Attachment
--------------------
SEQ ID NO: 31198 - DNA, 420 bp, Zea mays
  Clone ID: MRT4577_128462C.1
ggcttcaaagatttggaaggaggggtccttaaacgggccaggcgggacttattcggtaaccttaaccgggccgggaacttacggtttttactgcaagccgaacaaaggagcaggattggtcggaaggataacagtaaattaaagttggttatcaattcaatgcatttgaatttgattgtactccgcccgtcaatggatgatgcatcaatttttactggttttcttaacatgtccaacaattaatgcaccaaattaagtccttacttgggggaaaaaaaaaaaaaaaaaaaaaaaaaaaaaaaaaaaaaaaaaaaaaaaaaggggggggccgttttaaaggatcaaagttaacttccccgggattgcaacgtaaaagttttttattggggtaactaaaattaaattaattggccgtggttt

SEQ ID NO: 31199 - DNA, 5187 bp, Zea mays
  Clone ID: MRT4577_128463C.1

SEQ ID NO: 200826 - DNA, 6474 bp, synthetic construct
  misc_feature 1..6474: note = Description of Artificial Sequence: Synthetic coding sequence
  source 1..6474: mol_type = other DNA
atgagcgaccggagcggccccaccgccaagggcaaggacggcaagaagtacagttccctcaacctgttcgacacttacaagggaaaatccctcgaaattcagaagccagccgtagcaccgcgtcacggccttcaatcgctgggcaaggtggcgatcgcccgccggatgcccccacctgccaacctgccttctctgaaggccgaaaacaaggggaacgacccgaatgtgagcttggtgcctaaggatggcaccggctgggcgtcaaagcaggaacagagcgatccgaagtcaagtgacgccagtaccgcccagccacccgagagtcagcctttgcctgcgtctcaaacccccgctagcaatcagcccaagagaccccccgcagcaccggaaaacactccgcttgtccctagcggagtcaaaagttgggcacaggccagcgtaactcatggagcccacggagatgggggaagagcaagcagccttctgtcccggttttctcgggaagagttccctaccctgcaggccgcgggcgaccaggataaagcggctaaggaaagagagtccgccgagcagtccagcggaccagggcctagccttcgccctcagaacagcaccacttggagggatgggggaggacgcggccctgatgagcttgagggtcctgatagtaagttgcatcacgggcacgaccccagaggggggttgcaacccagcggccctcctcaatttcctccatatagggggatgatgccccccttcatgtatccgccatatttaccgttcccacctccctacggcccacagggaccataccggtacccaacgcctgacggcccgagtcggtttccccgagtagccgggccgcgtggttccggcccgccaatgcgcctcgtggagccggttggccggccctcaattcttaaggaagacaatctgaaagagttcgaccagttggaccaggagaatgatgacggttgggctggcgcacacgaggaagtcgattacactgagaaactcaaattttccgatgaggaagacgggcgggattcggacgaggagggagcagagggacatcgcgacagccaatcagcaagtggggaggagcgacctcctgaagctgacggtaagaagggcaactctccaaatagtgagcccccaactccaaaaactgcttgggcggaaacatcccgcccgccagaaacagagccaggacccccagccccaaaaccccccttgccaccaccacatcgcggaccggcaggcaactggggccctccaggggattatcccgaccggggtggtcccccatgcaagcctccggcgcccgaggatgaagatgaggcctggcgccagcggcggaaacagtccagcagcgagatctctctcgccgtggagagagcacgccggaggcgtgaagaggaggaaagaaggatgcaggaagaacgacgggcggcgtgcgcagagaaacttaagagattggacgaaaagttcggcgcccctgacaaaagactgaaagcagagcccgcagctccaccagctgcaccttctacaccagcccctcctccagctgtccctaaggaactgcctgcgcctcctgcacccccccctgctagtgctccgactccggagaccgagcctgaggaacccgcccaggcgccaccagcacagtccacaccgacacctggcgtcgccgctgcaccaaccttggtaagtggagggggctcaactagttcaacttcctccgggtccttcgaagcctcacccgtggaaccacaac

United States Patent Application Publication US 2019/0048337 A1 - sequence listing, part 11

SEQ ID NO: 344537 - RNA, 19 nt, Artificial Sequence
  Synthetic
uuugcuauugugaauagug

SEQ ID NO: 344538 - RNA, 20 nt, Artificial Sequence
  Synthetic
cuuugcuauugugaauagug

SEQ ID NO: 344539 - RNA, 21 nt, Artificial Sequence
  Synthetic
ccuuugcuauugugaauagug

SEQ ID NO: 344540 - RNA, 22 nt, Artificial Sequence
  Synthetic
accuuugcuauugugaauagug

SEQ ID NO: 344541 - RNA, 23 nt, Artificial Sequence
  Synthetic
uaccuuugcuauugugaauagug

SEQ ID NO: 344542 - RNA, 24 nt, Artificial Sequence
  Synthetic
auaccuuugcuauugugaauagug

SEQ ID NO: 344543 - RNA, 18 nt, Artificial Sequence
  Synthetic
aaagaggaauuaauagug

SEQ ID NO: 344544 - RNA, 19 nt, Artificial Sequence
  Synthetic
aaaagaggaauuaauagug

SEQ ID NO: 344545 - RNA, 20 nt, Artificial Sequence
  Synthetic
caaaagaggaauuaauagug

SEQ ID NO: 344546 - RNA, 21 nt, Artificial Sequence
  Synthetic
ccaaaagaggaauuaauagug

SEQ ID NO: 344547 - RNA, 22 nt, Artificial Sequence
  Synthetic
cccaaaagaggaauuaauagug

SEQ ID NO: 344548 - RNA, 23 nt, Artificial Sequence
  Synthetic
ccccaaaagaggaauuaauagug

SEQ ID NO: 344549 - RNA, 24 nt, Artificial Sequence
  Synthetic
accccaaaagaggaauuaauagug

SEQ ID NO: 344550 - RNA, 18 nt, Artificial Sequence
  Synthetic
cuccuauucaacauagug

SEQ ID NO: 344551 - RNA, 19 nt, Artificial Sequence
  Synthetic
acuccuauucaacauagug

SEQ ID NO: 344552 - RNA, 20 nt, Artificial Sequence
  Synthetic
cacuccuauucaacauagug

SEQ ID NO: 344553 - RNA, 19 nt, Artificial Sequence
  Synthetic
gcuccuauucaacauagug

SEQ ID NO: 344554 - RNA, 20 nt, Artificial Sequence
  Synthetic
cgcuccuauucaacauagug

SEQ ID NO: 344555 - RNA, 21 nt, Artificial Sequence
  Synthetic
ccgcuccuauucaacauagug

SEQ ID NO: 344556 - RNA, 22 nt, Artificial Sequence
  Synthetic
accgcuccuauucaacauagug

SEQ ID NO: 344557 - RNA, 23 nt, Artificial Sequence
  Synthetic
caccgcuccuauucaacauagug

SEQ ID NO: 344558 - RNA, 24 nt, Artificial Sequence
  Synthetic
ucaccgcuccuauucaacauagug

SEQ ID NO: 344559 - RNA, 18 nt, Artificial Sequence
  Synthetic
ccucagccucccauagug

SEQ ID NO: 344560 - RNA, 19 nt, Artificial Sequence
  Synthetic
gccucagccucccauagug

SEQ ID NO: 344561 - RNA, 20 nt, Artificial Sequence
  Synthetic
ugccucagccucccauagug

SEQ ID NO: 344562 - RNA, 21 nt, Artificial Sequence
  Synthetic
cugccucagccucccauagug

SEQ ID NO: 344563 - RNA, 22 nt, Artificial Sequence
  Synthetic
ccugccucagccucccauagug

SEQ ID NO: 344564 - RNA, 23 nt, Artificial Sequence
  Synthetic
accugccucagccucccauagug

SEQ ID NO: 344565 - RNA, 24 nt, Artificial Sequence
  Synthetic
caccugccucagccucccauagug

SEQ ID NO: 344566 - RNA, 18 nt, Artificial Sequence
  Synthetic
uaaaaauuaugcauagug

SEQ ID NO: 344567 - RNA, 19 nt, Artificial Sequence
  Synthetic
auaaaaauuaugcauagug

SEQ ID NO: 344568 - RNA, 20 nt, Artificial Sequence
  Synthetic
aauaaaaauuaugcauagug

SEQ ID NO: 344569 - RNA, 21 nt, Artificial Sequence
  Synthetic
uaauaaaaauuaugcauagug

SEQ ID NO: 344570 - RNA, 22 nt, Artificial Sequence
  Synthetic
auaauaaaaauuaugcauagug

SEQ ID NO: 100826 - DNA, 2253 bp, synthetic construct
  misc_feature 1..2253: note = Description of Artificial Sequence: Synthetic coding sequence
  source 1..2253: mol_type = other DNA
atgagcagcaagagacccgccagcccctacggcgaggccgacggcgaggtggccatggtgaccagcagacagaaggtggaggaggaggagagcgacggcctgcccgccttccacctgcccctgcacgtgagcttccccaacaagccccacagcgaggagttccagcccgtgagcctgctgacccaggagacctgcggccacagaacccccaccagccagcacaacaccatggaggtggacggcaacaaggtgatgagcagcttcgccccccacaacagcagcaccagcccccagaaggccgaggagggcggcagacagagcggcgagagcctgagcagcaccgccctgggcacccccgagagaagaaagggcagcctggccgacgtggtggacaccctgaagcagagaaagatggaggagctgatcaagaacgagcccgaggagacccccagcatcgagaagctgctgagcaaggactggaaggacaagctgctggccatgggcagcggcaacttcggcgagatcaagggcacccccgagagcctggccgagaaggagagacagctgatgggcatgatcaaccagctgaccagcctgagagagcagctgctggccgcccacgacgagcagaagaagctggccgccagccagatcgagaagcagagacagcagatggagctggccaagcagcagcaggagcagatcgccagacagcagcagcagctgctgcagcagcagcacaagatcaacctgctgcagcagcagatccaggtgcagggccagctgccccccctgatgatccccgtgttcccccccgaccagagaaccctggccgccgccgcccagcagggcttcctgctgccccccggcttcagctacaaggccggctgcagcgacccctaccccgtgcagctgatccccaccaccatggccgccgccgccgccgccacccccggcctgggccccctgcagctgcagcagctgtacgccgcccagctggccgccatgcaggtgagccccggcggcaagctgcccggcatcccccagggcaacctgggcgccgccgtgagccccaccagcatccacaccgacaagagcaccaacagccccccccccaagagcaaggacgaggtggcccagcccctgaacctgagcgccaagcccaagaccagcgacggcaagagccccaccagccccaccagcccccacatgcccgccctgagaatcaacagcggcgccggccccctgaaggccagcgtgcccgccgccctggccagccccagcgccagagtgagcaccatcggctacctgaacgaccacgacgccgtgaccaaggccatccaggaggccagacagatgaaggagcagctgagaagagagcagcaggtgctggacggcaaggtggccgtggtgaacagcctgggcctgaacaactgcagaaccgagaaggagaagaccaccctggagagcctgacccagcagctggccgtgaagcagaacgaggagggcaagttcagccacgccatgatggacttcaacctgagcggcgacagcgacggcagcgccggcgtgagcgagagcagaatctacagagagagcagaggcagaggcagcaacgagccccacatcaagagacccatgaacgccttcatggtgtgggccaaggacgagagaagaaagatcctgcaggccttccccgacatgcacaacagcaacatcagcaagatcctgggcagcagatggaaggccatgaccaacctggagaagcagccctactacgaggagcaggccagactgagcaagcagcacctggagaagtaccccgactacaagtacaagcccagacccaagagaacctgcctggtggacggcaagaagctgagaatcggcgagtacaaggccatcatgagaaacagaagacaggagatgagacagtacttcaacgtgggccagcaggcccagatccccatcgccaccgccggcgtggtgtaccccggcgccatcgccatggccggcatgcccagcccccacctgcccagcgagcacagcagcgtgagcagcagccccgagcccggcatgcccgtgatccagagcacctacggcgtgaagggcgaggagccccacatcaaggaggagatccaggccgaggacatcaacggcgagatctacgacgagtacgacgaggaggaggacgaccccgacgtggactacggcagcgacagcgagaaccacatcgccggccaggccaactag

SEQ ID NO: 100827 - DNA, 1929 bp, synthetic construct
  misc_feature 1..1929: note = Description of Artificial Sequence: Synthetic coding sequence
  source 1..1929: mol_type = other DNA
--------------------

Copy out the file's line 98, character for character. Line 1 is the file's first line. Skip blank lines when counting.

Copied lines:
SEQ ID NO: 344566 - RNA, 18 nt, Artificial Sequence